But let’s look a little closer. What is this forbidden fruit? (I’m not opening a debate about whether it was an apple, a pomegranate or a passion-fruit. I’m asking what it represented; and what its promised effects were.) In Genesis 2:9 it is first named, along with another unique tree: And out of the ground the Lord God made to spring up ever tree that is pleasant to the sight and good for food. The tree of life was in the midst of the garden, and the tree of the knowledge of good and evil.
Did you catch that? The tree has a name, and the name is a description, and the description is the tree of the knowledge of good and evil. So it represents something – it represents knowledge, and perhaps the case can be made that it promises that same effect – but we’ll discuss this in a moment. There is another promised effect that God made clear to Adam in Genesis 2:16-17 – And the Lord God commanded the man, saying, ‘You may surely eat of every tree of the garden, but of the tree of the knowledge of good and evil you shall not eat, for in the day that you eat of it you shall surely die.’
It is fascinating to me the disproportionate amount of attention people in general, and skeptics in particular, place upon this one tree. So many wonder aloud at God’s goodness, generosity and grace because of the presence of one tree that is forbidden. Yet the garden is filled with trees from which Adam and his wife are encouraged to eat. They are given abundant freedom! Every provision for every need has been foreseen! But they are under a covenant of works. Their relationship with God is to be maintained by their own effort and merit. What does this effort require – simple obedience – they are to refrain from eating the fruit of the tree of the knowledge of good and evil. That is it. One law and every imaginable freedom.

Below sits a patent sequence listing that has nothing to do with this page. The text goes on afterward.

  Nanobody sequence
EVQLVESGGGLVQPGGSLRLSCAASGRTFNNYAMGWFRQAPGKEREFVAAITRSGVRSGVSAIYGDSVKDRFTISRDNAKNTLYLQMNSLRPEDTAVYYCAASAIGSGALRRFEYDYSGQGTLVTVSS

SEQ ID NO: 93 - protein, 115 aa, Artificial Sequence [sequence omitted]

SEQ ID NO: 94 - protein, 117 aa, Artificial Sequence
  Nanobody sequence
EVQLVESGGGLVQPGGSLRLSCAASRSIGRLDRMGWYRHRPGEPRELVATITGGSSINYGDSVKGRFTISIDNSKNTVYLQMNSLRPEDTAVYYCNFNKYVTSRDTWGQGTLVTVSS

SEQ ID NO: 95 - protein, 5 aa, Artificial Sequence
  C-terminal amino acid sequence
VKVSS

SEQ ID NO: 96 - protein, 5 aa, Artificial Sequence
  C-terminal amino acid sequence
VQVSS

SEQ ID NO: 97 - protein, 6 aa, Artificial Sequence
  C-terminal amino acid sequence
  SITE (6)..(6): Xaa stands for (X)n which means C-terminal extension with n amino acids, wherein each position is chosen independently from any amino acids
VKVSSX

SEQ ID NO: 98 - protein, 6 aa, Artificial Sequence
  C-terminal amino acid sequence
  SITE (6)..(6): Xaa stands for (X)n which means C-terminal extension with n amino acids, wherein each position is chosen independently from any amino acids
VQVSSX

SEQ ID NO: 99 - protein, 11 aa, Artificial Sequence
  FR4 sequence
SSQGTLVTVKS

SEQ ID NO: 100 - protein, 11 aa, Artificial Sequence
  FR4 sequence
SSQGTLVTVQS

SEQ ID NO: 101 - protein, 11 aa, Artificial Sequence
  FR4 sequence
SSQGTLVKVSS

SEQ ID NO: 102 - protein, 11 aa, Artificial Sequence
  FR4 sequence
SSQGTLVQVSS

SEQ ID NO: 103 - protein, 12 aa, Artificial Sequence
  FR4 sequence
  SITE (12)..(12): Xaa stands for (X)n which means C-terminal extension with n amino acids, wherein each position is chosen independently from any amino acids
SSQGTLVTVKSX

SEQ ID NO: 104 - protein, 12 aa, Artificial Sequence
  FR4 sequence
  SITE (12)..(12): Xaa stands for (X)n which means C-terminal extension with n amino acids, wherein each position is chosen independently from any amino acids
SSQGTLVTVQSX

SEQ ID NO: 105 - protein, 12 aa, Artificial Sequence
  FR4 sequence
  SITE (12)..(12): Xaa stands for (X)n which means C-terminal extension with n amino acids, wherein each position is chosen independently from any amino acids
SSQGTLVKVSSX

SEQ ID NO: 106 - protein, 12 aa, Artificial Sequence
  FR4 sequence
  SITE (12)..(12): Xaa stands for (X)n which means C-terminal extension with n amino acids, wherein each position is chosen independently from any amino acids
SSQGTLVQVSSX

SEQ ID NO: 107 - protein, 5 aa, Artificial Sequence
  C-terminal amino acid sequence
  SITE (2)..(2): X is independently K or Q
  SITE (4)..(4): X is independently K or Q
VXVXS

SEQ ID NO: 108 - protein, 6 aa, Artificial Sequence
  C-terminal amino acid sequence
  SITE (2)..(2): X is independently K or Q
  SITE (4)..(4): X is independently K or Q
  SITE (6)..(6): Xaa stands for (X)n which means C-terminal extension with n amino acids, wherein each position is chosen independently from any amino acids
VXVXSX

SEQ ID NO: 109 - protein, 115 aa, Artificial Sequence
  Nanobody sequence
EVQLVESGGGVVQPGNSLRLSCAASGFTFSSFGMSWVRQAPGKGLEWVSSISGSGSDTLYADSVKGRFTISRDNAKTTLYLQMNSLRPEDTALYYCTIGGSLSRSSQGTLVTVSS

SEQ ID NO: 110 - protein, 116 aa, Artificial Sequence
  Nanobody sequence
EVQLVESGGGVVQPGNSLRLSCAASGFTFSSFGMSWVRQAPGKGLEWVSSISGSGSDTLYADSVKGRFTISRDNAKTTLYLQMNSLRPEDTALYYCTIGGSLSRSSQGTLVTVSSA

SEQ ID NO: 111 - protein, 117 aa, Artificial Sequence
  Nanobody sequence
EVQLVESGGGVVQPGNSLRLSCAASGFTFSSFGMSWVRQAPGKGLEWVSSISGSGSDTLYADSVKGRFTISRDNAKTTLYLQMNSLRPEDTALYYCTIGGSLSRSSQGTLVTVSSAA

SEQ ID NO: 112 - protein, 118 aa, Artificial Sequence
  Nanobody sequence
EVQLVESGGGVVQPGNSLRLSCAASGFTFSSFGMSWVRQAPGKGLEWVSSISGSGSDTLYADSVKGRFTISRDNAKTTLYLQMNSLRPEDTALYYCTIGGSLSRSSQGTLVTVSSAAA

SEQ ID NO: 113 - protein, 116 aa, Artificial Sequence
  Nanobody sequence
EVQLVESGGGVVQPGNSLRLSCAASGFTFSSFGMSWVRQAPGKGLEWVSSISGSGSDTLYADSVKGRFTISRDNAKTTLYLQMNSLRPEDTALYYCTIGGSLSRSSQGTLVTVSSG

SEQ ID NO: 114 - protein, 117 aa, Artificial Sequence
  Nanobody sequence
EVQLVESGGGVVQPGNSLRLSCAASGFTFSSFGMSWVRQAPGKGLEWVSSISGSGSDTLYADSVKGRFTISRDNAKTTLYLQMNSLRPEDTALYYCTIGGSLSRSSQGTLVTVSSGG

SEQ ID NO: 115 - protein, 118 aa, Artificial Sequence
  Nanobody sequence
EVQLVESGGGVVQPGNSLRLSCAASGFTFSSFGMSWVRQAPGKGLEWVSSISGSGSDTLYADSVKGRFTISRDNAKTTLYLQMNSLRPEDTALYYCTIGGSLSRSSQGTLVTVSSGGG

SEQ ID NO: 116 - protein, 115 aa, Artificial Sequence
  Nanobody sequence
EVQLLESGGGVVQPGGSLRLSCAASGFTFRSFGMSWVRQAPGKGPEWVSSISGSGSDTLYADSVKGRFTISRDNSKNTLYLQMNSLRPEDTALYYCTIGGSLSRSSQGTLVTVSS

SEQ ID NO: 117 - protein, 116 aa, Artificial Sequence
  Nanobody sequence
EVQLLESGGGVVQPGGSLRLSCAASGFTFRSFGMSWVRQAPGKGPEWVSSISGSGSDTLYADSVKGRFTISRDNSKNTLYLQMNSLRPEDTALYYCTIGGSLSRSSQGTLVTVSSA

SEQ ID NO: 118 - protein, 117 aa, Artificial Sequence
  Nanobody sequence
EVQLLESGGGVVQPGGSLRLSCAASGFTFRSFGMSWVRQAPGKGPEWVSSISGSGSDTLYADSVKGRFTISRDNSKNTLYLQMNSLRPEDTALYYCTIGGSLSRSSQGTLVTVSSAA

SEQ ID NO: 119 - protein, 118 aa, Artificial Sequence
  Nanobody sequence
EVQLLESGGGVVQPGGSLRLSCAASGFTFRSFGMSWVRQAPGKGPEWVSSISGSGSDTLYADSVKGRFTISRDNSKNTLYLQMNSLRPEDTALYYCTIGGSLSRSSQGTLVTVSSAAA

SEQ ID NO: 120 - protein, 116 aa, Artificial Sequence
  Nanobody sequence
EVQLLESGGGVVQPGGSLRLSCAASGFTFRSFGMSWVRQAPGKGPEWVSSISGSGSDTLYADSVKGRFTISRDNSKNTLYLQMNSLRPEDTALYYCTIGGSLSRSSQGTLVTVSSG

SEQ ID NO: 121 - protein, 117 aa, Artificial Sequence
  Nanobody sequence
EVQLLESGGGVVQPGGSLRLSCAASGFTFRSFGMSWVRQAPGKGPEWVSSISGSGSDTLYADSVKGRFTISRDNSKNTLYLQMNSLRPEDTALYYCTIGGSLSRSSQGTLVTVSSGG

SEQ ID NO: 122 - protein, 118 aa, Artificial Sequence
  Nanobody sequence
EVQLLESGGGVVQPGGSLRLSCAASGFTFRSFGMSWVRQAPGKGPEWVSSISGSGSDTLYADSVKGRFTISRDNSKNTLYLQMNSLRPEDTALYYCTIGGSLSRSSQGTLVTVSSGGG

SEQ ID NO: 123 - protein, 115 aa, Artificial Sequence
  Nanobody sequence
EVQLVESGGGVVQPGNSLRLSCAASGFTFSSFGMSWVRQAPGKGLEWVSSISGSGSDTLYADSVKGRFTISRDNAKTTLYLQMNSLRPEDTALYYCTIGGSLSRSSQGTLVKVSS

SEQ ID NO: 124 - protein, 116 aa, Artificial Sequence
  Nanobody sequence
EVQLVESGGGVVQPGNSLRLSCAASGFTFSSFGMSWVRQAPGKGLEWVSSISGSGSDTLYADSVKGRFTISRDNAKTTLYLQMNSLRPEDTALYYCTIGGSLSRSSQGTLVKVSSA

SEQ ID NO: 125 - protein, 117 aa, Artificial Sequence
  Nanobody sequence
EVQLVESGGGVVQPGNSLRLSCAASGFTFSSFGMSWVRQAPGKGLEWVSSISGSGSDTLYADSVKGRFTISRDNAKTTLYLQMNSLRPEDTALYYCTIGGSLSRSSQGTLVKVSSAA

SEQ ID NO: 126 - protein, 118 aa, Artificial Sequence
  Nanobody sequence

We could get into a prolonged conversation about why God would put such a deadly thing in the garden – but let us agree that God sets before man a test, with every desire that he should pass the test, and should keep himself from sin. Satan, on the other hand, presents a temptation, with every desire that man should fail and give in.
So let’s turn the page for a moment and consider Genesis 3:1-7 (to save space I won’t write it out here – but since you’re online why not open a window and look it up – you should read it first). Okay – now that you’ve read that you have heard Satan’s temptation. He makes a suggestion about the PROMISED EFFECTS of this fruit also. Listen – But the serpent said to the woman, ‘You will not surely die. For God knows that when you eat of it your eyes will be opened, and you will be like God, knowing good and evil.’ (Genesis 3:4-5)
Was the serpent lying? Satan is a liar and the father of lies – but this wasn’t a complete lie – it was contained in the very name of the fruit – the fruit had a promised effect and part of that effect was the KNOWLEDGE OF GOOD AND EVIL. But Satan baits the hook with the fruit hiding the barb – God had promised Adam that he would surely die.
But that leads to the final question I want you to wrangle with today.
Did God not think it necessary that Adam know good from evil. Are you ready for a shocking reply? No – the knowledge of good and evil was not a necessary component to Adam’s freedom, joy, and walk with God provided Adam trusted God and obeyed his Word.
In fact, I believe the temptation in the garden is really a situation we see repeated over and over again in the world; not only outside the church, but tragically within the church. We don’t trust God. We don’t believe his Word. We suspect that he is keeping something from us, and so, from time to time, we reach over and take control of our lives and insist that we will decide right from wrong for ourselves.
Now, of course, Adam had only one law to contend with, but his disobedience opened the door for sin and its effects and the result is a plethora of laws and rules necessary to protect us from sin. But ultimately, all these things can be reduced to trusting God – to allowing God to be God and for me to be his creation – dependent on his wisdom, and suspicious of my own hearts desires.
So, here is the question I lay before you. Where is the serpent suggesting to you that God’s Word might not be sufficient or trust-worthy? Which part of the Bible is he trying to make seem unreasonable or less-weighty? He loves to suggest that God has no concern about your thought life, or that sexual-ethics in the Bible can’t be considered relevant for a modern world, or that the whole idea of submission to the will of God is only for pastors and missionaries. But is this not the temptation in the garden played out again in your life?
Do what Adam and Eve did not. Let God be God; take him at his Word. Trust him. He has your freedom, life and joy at heart – Satan would see you in bondage to sin and ruin.